Palestinians appealed to the United States on Thursday to raise pressure on Israel, saying an Israeli plan to halt new construction in the West Bank was insincere.
Yasser Abed Rabbo, a top presidential adviser, said he hopes U.S. envoy George Mitchell can bring about what he called "a real peace process" that would halt all settlement construction. Mitchell is expected in the region soon in his latest attempt to bring the sides back to the negotiating table.
On Wednesday, Israeli Prime Minister Benjamin Netanyahu announced a 10-month halt to new construction in West Bank settlements as a step toward restarting Mideast peace negotiations.
The Palestinians swiftly rejected the plan because it did not include a building freeze in Jewish neighborhoods in east Jerusalem, the sector of the city they want as the capital of a future state, and because it would not apply to some 3,000 homes already under construction.
"Netanyahu's declaration yesterday doesn't signal any intention of Israel to go through a genuine and serious peace process because it doesn't include a serious settlement freeze," Abed Rabbo said.
He said a "genuine peace process" must include a complete settlement freeze and guarantees that future borders be based on the lines that existed before Israel captured the West Bank and east Jerusalem in the 1967 Mideast war. Netanyahu says such matters must be resolved in negotiations.
"We believe that Mitchell can continue his efforts to have a real peace process," he said.
Since taking office, the Obama administration has been urging the sides to resume peace talks, which broke down late last year. In Washington, Mitchell welcomed the Israeli move but said it fell short of a full settlement freeze.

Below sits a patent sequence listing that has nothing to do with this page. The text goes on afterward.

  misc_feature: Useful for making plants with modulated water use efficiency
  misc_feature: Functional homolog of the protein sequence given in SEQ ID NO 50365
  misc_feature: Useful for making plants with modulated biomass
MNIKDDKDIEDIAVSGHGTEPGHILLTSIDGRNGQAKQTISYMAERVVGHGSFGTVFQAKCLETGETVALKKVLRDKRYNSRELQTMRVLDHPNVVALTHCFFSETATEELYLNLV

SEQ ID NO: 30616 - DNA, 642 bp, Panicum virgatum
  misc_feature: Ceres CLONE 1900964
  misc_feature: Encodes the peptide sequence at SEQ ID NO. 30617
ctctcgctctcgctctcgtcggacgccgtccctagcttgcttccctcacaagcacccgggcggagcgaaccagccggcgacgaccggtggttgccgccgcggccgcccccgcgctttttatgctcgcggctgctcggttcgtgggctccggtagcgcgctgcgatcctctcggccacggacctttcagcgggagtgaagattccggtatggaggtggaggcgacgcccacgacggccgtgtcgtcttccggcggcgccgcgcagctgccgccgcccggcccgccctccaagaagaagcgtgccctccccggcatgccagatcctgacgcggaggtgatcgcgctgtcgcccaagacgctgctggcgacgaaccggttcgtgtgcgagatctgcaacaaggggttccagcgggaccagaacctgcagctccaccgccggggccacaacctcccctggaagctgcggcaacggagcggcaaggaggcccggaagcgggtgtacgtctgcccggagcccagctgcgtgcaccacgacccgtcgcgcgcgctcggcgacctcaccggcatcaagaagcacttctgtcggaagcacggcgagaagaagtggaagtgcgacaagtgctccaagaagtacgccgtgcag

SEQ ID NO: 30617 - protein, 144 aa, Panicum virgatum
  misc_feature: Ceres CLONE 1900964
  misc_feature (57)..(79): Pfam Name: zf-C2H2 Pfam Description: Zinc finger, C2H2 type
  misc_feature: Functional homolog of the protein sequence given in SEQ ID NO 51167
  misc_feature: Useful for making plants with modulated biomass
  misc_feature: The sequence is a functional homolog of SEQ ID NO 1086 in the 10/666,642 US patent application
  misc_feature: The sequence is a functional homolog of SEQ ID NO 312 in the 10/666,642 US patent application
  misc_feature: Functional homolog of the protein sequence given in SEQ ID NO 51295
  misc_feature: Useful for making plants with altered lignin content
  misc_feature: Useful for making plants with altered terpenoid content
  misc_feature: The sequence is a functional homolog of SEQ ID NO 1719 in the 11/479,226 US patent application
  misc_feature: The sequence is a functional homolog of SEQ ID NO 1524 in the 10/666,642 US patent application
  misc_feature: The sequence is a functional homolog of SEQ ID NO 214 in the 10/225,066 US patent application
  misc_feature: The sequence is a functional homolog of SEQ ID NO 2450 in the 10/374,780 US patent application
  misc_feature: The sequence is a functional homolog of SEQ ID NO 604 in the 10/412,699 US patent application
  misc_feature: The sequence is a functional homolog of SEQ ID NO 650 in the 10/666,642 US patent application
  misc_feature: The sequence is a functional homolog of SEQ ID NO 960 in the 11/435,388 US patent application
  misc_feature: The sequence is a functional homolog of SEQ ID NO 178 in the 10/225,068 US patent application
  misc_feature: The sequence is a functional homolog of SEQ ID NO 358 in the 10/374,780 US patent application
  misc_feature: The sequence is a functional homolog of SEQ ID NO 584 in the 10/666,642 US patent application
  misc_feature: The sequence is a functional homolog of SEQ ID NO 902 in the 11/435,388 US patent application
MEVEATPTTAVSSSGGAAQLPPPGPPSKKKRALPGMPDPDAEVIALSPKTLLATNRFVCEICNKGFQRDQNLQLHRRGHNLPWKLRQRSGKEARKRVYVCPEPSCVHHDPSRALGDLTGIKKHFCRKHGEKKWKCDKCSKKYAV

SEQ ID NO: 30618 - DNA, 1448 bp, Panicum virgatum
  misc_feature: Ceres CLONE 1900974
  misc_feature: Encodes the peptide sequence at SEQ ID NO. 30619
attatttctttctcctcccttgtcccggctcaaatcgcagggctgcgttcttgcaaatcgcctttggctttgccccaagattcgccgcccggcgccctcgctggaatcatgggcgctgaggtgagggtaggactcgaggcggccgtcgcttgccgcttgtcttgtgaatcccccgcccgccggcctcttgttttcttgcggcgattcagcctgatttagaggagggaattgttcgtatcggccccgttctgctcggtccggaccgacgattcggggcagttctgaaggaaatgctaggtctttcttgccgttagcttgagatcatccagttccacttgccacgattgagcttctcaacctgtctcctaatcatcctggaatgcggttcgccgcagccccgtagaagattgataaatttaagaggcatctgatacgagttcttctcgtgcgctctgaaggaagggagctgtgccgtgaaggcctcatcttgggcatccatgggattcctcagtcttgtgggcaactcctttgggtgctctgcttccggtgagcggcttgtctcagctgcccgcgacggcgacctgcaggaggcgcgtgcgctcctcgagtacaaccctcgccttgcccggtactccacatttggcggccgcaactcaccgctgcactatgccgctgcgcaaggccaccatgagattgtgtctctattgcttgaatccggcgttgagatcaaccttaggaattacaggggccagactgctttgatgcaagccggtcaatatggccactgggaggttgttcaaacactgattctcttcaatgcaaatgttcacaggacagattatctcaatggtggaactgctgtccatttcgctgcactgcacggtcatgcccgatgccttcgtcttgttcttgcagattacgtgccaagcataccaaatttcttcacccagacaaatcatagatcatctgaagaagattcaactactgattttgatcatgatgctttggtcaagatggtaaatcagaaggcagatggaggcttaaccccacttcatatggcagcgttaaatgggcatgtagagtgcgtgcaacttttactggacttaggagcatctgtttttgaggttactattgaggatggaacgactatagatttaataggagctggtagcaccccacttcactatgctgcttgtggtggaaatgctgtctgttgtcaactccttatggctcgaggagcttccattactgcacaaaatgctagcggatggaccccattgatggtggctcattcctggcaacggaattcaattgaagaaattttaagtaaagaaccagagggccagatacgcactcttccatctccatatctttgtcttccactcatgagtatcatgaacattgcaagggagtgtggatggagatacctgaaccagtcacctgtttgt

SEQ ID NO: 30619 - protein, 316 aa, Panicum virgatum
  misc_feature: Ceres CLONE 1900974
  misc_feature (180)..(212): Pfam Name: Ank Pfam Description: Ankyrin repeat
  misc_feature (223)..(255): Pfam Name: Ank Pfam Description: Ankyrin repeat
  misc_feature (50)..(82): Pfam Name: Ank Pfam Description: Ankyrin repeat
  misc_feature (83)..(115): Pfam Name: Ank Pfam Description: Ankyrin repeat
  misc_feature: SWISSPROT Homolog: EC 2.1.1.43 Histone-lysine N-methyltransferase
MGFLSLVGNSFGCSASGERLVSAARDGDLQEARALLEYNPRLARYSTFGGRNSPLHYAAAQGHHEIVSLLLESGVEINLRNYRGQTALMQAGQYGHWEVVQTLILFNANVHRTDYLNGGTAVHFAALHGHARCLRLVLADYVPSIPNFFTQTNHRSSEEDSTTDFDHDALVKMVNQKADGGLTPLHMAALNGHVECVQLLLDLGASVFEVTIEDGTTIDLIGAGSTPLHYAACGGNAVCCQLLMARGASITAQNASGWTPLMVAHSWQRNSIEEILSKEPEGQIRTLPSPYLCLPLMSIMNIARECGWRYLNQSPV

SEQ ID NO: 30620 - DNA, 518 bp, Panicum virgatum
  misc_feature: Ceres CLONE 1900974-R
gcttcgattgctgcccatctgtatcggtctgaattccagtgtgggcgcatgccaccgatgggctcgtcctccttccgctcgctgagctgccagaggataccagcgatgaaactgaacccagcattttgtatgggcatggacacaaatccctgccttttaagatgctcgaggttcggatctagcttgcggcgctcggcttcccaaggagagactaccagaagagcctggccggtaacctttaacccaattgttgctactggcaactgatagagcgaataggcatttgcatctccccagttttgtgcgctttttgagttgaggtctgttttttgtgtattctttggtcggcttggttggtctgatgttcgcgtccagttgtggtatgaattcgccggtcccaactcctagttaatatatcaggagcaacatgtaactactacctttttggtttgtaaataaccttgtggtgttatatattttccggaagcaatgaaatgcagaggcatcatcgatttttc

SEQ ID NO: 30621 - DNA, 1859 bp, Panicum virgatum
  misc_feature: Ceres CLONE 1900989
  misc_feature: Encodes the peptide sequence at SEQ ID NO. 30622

The Palestinians have refused to talk until all settlement construction ceases.
Israel's defense minister, Ehud Barak, also said he hopes the Americans can bring the sides together.
"I believe the talks will be renewed after the Americans make their proposal. The alternative is diplomatic stagnation that could result in violence," Barak told Israel Radio.
Israeli Foreign Minister Avigdor Lieberman, a settler himself, said Israel has gone as far as it could and now it was up to the Palestinians to respond positively.
Netanyahu also faces fierce opposition at home from pro-settler groups and even within his own hard-line coalition.
Dani Dayan, leader of the West Bank settlers' council, accused Netanyahu of capitulating to American demands and getting nothing in return for his concessions.
"We feel that he is going in a very slippery slope in which he is betraying his own beliefs," he told The Associated Press. "We will do everything in our capacity to keep building, to keep developing our communities, and I am optimistic that we will prevail."
About 300,000 Israelis live in West Bank settlements.
Israel captured east Jerusalem from Jordan in the 1967 Mideast war and annexed it, a step no nation has recognized. Trying to cement its claim, Israel built new quarters around east Jerusalem, where 180,000 Israelis now live. Palestinians denounce them as settlements, but Israel considers them neighborhoods.
The militant Hamas group, which controls the Gaza Strip, also condemned the partial Israeli settlement freeze.
"It's a cosmetic step," Hamas spokesman Sami Abu Zuhri told a local Gaza Web site. "It aims to restart pointless negotiations ... without any real cost."